The film was directed by Olaf Ittenbach, who is known for making films containing a heavy amount of gore. It was one of his earliest films and the most memorable of all of them based on the level of gruesomeness that it has.

The final torture sequence makes you question whether or not you’re watching someone really being ripped apart. It had been pretty hard to obtain a copy of this, but there is a DVD version available now. Also recommended from this director is Beyond the Limits.


25. Four Rooms (1995)

Four Rooms (1995)

This is a series of four stories that take place in an old Los Angeles hotel on New Year’s Eve, with the new hotel bellhop Ted (Tim Roth) being the main character linking the stories.

Each story deals with Ted’s involvement with the guests in their specific rooms: it includes a coven of witches that need his sperm for a spell to call forth their Goddess Diana, one in which he is held at gunpoint by a jealous husband who thinks Ted slept with his wife, one where he is paid to watch two misbehaving children, and one where is he is asked to be a participant in a dangerous bet.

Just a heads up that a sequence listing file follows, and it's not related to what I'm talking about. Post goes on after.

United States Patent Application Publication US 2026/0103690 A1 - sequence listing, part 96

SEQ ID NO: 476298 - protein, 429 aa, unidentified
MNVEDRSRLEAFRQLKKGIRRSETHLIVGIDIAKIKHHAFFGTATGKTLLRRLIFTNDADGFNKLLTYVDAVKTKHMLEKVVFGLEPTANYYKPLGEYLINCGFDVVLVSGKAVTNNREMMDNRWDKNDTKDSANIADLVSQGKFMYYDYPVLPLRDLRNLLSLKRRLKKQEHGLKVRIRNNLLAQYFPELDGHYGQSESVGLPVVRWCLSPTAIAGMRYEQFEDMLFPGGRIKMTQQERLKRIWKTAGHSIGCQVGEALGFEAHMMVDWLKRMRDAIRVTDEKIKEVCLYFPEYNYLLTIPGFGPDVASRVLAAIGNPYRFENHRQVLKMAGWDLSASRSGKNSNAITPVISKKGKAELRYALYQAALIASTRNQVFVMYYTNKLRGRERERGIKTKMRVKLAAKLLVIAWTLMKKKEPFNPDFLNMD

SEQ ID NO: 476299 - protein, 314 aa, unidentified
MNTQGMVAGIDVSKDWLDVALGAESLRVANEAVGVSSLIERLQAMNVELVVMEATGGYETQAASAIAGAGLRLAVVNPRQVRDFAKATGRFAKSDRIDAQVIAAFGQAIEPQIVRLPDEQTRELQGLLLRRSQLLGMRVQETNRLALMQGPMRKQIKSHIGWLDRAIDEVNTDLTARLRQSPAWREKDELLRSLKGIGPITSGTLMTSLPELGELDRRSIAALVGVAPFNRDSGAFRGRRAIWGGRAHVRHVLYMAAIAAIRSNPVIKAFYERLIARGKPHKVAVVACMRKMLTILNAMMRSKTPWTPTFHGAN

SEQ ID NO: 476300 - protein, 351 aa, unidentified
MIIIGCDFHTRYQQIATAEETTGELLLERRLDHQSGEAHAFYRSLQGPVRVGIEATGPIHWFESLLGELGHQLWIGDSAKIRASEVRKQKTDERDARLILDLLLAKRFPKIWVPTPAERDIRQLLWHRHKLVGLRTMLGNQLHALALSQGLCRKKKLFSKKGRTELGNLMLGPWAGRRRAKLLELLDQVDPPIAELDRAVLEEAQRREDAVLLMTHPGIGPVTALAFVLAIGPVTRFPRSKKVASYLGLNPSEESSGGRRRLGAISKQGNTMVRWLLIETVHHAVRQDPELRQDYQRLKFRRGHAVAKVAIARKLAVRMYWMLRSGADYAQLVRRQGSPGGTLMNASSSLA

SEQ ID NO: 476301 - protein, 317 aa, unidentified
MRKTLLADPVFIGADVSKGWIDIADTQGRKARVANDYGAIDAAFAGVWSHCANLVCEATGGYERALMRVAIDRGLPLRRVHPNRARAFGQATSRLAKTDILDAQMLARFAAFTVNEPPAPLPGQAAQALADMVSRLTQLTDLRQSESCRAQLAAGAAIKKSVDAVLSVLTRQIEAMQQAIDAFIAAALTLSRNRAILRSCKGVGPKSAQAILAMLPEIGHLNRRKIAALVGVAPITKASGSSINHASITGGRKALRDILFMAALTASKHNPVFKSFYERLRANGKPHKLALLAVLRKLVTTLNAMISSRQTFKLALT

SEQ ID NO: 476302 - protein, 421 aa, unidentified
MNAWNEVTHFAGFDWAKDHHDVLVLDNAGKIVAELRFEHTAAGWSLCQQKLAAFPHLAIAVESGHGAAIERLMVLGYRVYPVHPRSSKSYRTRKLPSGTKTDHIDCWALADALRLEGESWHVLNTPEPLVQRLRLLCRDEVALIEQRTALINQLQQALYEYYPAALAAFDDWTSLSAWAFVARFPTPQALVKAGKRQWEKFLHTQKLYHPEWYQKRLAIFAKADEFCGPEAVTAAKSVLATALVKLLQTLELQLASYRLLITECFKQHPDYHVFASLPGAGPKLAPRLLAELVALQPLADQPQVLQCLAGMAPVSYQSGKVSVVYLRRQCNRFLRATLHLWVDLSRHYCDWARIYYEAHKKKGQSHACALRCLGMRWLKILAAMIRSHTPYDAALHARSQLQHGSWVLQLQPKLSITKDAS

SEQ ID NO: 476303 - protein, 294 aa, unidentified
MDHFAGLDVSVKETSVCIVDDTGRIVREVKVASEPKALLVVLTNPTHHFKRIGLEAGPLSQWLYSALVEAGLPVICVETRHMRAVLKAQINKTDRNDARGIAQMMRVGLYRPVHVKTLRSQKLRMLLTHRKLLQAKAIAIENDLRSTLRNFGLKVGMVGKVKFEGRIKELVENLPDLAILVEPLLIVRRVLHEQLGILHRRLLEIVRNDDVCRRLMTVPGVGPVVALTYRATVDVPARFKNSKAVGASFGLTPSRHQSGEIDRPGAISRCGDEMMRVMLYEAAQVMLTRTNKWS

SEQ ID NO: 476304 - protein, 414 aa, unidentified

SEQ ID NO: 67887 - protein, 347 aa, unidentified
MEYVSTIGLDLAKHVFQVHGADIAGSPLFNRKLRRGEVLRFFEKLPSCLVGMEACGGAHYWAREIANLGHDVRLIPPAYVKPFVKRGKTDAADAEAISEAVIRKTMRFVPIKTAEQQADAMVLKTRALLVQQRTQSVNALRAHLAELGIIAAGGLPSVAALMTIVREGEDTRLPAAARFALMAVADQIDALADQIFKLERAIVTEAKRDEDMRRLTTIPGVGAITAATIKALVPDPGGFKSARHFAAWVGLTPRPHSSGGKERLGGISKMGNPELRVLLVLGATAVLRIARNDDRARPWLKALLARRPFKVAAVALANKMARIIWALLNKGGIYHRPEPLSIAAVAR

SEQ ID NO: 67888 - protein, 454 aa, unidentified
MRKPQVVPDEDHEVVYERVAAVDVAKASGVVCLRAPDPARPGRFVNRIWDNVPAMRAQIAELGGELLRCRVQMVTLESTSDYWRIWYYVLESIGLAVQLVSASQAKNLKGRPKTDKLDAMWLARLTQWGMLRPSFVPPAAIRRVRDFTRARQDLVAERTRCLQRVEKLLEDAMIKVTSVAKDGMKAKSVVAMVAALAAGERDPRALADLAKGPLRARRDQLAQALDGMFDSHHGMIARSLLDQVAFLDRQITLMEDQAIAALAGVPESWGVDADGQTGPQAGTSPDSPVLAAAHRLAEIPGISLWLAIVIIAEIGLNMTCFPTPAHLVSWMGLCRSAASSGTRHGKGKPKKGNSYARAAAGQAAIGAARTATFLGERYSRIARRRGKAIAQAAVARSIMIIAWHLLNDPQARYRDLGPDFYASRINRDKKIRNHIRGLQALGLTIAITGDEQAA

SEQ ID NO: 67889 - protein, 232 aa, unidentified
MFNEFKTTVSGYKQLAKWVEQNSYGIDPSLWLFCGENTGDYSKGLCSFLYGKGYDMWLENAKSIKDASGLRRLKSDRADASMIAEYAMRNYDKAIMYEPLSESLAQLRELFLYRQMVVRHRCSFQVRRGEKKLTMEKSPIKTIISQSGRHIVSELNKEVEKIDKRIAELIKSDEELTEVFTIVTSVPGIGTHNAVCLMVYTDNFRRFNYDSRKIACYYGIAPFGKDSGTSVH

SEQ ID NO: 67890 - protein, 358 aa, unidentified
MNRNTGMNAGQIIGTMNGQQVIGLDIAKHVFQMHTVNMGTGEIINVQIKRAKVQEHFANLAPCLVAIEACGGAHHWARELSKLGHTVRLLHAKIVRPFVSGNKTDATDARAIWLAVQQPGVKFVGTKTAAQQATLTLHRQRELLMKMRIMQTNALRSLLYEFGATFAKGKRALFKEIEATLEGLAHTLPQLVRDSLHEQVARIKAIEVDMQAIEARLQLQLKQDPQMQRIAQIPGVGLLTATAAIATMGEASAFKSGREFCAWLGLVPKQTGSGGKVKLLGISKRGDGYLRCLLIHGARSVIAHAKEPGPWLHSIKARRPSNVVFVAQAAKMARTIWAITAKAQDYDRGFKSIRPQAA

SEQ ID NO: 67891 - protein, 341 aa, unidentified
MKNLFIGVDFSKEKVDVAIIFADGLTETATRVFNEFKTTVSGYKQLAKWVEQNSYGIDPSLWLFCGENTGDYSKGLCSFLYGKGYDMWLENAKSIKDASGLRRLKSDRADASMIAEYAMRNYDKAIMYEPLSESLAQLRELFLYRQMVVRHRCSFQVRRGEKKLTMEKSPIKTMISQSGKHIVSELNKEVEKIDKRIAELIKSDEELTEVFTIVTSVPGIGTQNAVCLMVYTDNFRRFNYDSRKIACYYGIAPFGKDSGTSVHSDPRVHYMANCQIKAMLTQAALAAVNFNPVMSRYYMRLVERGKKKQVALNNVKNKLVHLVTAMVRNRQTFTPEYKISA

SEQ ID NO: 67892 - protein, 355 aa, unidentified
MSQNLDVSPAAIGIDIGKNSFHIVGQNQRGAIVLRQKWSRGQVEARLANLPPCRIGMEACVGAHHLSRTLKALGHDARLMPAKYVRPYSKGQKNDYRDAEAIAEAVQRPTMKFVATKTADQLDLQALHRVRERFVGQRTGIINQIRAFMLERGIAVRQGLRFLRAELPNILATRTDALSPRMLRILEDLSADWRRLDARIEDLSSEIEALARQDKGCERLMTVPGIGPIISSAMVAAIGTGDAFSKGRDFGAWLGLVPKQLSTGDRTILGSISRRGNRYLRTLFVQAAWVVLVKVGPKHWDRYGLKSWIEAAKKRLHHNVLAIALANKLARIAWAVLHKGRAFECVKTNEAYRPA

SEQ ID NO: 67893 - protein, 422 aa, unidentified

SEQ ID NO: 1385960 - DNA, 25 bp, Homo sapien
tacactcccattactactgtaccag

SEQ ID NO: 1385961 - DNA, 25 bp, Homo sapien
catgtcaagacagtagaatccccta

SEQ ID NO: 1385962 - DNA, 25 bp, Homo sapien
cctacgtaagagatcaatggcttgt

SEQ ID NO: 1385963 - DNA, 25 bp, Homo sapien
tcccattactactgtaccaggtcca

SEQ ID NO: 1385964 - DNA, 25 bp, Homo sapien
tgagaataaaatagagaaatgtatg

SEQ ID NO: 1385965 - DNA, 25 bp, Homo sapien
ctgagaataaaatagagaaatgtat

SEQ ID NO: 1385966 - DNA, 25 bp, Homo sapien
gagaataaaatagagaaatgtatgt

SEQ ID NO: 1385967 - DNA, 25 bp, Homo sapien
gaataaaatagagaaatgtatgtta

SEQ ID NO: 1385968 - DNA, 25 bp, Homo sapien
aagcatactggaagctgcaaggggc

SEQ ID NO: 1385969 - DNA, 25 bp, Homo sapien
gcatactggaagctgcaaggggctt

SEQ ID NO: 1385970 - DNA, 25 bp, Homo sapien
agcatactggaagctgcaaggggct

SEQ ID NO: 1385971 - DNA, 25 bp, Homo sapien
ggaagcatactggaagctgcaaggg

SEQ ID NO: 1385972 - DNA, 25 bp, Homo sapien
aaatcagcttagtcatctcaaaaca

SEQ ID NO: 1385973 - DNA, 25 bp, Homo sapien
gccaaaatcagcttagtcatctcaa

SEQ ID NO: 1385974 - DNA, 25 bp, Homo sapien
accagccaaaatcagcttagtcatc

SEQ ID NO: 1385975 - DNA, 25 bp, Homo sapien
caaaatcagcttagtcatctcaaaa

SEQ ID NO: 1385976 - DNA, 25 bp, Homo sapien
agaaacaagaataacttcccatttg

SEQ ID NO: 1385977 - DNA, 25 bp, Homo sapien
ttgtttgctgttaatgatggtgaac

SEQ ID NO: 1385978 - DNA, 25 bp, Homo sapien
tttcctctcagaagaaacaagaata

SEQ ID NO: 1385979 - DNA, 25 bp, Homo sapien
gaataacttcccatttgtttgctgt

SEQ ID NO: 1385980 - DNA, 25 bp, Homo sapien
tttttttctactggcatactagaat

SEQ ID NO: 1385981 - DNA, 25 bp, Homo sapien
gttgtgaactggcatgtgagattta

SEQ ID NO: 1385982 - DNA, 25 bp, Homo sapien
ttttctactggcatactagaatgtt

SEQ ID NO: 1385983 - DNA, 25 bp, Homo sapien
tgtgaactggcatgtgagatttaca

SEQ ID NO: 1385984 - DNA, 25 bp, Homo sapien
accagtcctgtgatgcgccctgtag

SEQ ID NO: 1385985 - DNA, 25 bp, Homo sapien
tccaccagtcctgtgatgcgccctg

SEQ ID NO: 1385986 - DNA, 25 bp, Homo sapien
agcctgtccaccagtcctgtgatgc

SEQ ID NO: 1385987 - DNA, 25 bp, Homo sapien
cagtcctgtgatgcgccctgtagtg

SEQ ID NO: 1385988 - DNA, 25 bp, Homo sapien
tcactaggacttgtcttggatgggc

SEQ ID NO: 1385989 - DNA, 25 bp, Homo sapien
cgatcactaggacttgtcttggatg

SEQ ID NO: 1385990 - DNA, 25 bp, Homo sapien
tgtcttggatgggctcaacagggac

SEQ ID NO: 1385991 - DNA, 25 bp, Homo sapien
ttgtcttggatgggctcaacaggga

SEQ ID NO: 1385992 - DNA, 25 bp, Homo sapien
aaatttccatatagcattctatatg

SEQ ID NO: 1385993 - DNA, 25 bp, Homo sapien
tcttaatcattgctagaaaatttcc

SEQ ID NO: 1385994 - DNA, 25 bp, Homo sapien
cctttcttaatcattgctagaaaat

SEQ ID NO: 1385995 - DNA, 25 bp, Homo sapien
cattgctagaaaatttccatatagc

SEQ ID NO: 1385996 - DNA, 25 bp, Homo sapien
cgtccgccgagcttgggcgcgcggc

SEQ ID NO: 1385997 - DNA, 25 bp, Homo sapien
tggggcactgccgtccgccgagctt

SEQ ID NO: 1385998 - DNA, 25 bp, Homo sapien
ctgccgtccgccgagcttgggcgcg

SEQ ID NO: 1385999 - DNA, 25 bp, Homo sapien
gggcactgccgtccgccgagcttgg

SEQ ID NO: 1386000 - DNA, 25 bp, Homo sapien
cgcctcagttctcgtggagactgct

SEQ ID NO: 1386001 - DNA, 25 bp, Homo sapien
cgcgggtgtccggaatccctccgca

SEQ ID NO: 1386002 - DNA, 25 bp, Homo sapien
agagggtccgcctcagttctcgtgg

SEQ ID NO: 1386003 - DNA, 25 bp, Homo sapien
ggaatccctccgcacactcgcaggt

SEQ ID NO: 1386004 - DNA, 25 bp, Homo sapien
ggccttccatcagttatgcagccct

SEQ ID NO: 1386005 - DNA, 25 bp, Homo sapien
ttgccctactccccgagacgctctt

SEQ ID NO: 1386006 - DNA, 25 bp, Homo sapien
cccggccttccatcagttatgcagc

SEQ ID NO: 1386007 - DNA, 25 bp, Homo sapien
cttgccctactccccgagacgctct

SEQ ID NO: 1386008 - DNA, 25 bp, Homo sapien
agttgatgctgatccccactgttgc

Each story was written and directed by four different directors, Allison Ander, Alexandre Rockwell, Robert Rodriguez, and Quentin Tarantino. There is an ensemble cast that includes Antonio Banderas, Jennifer Beals, Madonna, Quentin Tarantino, and Bruce Willis. This is a fun film with each story being pretty good.

The best one is done by Rodriguez and involves some very funny and unexpected moments. The glue to the film is Roth and his excellent performance as Ted the bellhop. He is reminiscent of Stan Laurel at times, bringing a combination of idiocy, slapstick comedy, and emotional craziness to the role as his character goes through a series of unusual situations.

All the works cited can be found here.

Author Bio: Raul J. Vantassle is a jazz musician whose key strokes move about the page creating an explosion of formlessness to form, or just total bullshit. His heroes include John Waters, Robert Crumb, Charles Bukowski, and the Cobra Commander. His Knowledge of film goes across the board but he specializes in Asian and cult cinema. He may be the filthiest person alive. You can visit his blog here.